This book was classed, apparently, as Humor, but in reality, it is a brief introduction to some of the concepts of Taoism through illustrations and excerpts from Winnie the Pooh books.
Clearly, it’s a Chinese conspiracy to trick our children into being Taoists.
So, basically, it introduces the concepts of P’u, the simple, uncarved block, which Pooh is (according to the book). His simplicity leads him to looking at things differently than the others and to finding solutions that the other, more clever (Rabbit) or wise (Owl) characters overlook. Then there’s Wu wei, the concept of not doing much or anything and letting the simple things and solutions in harmony with nature appear. And t’ai hsu, the great Nothing where you begin your journey and in which you will find most things.
Being as I’ve been steeped in the Existentialist writings recently, I must compare the two. Within Taoist thought, the Nothing doesn’t represent the same thing as in Existentialism, as at the core of humanity and nature there’s something, a harmony that you can discover if you’re quiet, simple, and still. So instead of inventing yourself, in Taoism, you find yourself. It’s a bit more pleasant of a thought. And the thing you find within yourself is not set, as you can alter who you are as long as you work with what it is. Very Eastern, of course.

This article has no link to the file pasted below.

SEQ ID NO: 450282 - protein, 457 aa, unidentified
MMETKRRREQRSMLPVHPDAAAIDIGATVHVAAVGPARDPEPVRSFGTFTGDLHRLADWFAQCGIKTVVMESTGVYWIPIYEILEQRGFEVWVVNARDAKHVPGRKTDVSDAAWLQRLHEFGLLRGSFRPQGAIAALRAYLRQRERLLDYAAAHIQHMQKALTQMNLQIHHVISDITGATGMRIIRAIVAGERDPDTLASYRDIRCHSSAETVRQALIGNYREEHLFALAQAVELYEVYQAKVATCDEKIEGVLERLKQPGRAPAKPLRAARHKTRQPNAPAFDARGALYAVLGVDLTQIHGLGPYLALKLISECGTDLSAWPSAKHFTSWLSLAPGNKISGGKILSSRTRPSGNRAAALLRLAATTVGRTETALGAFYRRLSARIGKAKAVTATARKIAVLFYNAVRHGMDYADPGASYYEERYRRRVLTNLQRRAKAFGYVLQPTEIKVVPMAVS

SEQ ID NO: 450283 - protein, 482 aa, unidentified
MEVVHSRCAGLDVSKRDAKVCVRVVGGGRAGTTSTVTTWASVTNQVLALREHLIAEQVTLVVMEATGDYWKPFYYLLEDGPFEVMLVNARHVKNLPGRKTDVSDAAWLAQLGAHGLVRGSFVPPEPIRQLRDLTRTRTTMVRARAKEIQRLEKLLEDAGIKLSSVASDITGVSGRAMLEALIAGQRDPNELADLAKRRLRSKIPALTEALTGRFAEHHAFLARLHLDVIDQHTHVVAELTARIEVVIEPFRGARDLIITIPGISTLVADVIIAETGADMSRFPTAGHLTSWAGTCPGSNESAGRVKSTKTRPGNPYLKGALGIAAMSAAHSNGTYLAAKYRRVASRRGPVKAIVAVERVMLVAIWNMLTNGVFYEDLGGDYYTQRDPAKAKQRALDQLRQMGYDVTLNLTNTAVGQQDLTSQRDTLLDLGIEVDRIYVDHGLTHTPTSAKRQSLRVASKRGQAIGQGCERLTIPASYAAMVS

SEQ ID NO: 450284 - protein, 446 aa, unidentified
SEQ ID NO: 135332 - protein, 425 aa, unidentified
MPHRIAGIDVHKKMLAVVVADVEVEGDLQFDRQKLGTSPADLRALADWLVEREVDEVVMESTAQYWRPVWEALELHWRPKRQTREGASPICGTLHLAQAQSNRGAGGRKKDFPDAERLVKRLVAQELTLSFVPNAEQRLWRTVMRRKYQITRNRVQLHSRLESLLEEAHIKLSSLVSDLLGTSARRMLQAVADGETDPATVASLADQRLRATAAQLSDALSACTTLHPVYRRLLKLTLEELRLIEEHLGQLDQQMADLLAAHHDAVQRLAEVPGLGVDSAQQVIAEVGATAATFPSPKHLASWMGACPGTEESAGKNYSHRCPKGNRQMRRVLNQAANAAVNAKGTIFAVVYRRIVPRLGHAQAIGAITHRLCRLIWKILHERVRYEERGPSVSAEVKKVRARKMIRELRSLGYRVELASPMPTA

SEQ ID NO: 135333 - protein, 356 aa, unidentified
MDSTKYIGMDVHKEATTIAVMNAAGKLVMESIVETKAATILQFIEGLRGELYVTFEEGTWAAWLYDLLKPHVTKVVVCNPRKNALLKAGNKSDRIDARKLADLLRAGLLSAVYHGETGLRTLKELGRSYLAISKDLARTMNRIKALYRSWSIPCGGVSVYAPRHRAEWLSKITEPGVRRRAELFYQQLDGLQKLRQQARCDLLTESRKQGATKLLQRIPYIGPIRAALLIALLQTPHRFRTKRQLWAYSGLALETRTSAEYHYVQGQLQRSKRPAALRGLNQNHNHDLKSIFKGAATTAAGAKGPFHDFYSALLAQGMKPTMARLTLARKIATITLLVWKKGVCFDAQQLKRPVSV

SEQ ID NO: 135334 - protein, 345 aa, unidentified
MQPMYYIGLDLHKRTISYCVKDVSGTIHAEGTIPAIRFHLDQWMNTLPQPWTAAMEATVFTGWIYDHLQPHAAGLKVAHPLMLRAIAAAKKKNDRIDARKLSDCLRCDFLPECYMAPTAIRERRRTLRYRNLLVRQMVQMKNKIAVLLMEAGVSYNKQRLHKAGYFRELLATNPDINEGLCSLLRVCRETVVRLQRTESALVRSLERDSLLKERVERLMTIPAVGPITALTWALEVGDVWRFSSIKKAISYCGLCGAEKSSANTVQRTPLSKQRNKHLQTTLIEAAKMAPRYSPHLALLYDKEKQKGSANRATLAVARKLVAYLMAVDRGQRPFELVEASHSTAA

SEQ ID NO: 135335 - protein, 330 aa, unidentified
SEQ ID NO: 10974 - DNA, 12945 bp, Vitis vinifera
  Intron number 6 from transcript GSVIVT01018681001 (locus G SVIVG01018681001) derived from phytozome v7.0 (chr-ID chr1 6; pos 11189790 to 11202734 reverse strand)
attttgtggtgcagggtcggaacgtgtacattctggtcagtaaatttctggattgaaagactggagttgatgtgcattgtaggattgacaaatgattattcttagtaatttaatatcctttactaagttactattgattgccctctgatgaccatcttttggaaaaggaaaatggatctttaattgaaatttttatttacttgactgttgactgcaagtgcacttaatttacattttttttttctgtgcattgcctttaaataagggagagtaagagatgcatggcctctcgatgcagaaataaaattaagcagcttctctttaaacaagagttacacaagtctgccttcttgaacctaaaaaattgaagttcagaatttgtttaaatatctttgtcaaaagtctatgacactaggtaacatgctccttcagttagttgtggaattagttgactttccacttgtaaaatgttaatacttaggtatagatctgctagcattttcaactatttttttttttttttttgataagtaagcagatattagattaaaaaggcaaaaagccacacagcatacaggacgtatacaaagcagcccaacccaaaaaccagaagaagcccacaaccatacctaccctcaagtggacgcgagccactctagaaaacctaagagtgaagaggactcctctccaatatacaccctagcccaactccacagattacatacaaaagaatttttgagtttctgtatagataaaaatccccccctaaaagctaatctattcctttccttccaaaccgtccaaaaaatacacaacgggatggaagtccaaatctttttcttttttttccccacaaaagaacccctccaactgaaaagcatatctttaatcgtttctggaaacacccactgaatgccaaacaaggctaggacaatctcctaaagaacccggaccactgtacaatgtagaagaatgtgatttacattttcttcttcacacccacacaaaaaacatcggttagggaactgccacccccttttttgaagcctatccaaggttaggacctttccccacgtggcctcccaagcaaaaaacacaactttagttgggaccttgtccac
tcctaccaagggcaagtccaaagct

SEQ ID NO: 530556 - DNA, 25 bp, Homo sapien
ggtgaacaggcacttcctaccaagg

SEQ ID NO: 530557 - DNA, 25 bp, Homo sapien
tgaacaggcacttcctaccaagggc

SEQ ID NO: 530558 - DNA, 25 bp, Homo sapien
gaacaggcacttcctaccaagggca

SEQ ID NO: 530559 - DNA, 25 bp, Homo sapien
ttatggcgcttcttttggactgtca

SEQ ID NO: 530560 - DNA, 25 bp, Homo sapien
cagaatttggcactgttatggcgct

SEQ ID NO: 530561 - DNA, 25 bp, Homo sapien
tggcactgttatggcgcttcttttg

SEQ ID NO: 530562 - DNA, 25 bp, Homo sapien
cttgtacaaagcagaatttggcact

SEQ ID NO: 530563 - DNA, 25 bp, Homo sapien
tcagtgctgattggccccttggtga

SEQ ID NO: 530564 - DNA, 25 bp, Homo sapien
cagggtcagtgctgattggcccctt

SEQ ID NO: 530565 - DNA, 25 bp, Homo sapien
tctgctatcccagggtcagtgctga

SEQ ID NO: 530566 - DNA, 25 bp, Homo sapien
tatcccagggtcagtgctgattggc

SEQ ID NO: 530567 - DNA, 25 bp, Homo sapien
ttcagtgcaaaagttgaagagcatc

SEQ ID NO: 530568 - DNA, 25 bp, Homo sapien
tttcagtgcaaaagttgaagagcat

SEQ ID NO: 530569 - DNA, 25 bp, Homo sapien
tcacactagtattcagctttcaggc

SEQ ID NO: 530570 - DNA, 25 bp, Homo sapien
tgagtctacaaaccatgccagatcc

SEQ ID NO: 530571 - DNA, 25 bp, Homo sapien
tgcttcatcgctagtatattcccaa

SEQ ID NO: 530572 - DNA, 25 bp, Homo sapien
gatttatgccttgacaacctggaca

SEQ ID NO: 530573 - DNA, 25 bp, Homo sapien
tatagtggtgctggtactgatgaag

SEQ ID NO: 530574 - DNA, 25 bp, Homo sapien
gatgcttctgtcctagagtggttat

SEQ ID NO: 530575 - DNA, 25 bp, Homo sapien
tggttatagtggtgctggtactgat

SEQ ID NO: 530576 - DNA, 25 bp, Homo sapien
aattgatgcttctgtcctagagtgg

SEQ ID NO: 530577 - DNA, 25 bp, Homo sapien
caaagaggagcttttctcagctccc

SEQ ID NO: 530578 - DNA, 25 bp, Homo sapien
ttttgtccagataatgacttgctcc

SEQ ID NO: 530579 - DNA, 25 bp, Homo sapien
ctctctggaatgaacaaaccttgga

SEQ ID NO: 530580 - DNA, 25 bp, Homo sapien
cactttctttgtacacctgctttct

It’s about 150 pages, but it has illustrations, quotes from Pooh books, and imagined conversations with Pooh characters, so it’s something you can read in a sitting or two. I think it took me between two and three hours.
So I think I have The Te of Piglet and perhaps even the Tao Te Ching around here somewhere. Perhaps I’ll pick them up soon.
Editing a different post from way back in the day, I’m reminded of the Tao Sharks gear I made:
Strangely enough, these did not prove as popular as the Project Manager Wall Clock.